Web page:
A Reunion Died
Some moments in history can have a great impact on people’s lives, and one of them was the death of John Lennon – the day when Mark David Chapman shot him on December 8, 1980. It happened almost four decades ago, but the memories were still haunting.
The day after his death, the area around the gates of Dakota near Lennon’s apartment building in New York turned into a memorial. Flowers, signs from fans, and quotes of lyrics from the Beatles songs were displayed, and even world leaders gave their respect to honor a musician whose life was taken too early.
The event was shocking, of course, not only that it had no sense, but also Lennon managed to beat different kinds of “dangerous” circumstances in his rock stardom.
“He beat the rock-‘n‘-roll life. Beat the drugs, beat the fame, beat the damage. He was the only guy who beat it all.” – Steve Van Zandt
Flowers and signs from fans were just the very beginning — the aftershock occurred:
1980 Time Vault: When The Music Died
Ringo Starr flew to New York to see Yoko. George Harrison, “shattered and stunned,” went into retreat at his home in Oxfordshire, England. Paul McCartney, whom Lennon plainly loved and just as plainly hated like the brother he never had, said, “I can’t tell you how much it hurts to lose him. His death is a bitter, cruel blow—I really loved the guy.” Having no wish to contribute to the hysteria that always follows the grief at such public mournings. McCartney, who has hired two bodyguards to protect himself and his family, said he would stay home in Sussex, England, even if there was a funeral. There was not. Lennon’s body was cremated in a suburban New York cemetery, and Ono issued a statement inviting everyone “to participate from wherever you are” in a ten-minute silent vigil on Sunday afternoon.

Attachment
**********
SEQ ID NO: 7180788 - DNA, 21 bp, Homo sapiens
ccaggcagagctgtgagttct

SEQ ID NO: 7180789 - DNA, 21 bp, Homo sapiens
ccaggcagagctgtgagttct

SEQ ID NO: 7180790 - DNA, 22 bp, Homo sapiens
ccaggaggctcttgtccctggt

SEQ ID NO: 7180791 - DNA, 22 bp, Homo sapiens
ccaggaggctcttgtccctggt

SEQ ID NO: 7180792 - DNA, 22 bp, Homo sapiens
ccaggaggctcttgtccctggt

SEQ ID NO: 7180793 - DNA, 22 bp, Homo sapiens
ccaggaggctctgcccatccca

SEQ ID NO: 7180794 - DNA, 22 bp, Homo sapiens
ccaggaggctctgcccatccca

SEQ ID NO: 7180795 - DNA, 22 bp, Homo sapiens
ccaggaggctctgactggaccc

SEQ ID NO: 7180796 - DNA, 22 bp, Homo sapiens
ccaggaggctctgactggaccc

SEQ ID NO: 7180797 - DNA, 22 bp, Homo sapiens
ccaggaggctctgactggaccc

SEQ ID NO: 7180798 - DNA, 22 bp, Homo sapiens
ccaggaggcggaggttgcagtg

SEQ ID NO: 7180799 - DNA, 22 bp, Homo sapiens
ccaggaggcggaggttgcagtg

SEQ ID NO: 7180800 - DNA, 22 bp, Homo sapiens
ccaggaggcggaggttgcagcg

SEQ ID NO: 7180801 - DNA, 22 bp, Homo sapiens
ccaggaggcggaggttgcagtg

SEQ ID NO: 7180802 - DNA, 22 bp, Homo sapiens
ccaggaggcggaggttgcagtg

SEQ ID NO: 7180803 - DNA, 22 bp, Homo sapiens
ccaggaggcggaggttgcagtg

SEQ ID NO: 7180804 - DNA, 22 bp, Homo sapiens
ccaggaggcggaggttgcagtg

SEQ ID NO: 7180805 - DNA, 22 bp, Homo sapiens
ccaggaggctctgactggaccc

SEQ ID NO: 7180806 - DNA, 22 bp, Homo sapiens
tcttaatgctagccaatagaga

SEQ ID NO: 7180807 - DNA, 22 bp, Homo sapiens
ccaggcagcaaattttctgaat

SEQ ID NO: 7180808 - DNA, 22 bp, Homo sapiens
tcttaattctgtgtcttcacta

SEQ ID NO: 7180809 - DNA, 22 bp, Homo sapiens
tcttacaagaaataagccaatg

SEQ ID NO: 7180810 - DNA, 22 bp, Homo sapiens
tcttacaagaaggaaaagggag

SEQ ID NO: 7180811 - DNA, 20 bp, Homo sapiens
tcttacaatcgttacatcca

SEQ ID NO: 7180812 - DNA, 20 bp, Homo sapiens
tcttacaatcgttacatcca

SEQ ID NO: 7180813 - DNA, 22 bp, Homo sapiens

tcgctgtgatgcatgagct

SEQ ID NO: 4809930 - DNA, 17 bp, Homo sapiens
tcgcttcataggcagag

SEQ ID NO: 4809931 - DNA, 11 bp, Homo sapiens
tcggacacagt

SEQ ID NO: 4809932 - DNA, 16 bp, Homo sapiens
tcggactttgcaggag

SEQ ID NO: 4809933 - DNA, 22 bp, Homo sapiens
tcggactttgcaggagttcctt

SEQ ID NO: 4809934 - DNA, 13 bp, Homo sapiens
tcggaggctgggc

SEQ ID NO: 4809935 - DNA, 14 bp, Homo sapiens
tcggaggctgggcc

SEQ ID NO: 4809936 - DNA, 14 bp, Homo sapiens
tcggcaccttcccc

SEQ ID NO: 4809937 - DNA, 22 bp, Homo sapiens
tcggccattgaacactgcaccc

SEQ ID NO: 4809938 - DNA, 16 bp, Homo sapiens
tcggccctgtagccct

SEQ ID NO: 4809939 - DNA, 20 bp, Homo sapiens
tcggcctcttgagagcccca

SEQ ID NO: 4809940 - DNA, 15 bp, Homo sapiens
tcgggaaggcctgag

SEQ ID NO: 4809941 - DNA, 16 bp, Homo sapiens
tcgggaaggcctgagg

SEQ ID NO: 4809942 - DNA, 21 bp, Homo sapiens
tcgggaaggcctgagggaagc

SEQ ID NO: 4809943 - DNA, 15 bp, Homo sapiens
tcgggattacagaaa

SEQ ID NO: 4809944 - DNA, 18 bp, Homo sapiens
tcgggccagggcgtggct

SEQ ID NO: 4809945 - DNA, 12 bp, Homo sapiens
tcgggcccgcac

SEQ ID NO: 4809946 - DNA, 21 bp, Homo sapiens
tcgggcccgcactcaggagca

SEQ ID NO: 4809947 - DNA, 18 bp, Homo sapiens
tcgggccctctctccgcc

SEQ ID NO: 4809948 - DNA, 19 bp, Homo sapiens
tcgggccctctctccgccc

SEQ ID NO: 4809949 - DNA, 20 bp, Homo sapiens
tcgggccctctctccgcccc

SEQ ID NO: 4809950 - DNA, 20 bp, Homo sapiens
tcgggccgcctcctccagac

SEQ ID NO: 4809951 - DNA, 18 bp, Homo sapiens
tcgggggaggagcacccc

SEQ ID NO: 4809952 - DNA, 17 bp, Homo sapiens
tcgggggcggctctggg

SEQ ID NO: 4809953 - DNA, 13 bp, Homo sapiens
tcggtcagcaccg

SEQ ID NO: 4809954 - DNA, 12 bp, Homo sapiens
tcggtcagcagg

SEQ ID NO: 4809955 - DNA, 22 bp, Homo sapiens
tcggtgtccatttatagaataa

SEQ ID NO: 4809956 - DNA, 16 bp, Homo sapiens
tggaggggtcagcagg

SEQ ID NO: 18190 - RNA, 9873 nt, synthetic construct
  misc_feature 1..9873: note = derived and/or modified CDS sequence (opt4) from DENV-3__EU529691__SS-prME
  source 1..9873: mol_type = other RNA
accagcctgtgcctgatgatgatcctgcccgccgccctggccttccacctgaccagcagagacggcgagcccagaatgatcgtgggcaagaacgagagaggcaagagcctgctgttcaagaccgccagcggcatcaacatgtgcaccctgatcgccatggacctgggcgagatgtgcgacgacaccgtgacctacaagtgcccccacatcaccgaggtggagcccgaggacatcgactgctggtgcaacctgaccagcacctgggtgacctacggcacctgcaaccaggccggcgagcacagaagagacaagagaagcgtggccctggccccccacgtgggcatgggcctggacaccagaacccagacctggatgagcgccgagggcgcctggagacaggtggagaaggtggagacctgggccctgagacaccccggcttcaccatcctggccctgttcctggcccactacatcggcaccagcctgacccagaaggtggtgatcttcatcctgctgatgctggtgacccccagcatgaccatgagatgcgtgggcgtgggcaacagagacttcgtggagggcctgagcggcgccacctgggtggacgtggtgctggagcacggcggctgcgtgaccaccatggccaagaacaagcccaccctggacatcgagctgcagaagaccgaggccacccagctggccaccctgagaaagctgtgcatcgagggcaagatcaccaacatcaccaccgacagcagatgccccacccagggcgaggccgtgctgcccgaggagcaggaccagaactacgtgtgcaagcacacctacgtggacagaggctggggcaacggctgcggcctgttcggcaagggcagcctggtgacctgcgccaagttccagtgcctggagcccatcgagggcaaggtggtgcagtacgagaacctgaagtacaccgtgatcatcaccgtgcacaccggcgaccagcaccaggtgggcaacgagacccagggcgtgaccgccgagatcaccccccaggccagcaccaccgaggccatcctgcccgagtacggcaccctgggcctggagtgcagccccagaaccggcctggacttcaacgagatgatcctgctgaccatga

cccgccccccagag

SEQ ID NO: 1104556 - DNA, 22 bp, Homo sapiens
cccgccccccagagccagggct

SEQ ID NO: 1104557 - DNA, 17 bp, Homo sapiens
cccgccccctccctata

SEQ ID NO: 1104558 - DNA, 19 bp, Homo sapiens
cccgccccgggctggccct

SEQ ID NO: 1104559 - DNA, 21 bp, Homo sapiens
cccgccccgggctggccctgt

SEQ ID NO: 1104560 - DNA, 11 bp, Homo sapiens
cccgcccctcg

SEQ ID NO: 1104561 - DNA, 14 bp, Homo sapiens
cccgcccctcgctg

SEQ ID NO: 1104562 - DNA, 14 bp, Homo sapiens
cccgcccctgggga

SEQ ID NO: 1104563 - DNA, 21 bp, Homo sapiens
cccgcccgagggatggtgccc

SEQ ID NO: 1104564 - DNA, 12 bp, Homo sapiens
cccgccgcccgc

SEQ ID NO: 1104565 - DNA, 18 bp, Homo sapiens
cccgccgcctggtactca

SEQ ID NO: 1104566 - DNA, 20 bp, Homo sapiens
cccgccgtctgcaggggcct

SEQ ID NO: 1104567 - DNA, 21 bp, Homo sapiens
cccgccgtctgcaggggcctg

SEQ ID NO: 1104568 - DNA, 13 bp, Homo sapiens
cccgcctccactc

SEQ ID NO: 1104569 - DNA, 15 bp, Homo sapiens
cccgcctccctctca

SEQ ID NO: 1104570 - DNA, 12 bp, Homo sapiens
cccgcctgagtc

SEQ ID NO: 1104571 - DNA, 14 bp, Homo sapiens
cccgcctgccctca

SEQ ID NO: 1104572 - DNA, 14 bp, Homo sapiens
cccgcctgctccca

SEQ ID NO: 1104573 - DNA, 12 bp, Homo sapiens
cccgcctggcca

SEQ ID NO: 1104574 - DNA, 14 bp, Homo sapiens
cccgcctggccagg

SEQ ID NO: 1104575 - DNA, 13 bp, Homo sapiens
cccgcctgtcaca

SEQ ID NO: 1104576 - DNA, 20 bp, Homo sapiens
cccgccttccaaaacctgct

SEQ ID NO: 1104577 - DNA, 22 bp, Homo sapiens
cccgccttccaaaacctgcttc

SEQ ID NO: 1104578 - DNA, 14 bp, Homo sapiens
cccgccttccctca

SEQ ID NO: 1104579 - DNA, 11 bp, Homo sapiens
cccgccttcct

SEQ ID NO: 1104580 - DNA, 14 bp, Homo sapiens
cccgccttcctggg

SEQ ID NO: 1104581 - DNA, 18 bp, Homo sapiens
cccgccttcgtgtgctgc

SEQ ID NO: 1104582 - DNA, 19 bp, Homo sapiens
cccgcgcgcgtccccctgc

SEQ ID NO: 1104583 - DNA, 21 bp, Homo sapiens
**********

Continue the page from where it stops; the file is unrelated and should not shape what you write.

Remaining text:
Before that, it had been a week of tributes. Radio stations from New Orleans to Boston cleared the air waves for Lennon and Beatles retrospectives. In Los Angeles, more than 2,000 people joined in a candlelight vigil at Century City; in Washington, D.C., several hundred crowded the steps of the Lincoln Memorial in a “silent tribute” that recalled the sit-ins of the ’60s. Record stores all over the country reported sellouts on the new Lennon-Ono album, Double Fantasy, their first record in five years, as well as the back stock of Lennon’s previous records.
Some reaction was tragic. A teenage girl in Florida and a man of 30 in Utah killed themselves, leaving notes that spoke of depression over Lennon’s death.
Many people were grateful for the joy John Lennon has given them. The sad part is just that, a senseless murder ended a dream: The Beatles Reunion. Despite all these things, the music they created helped us to endure the inevitable.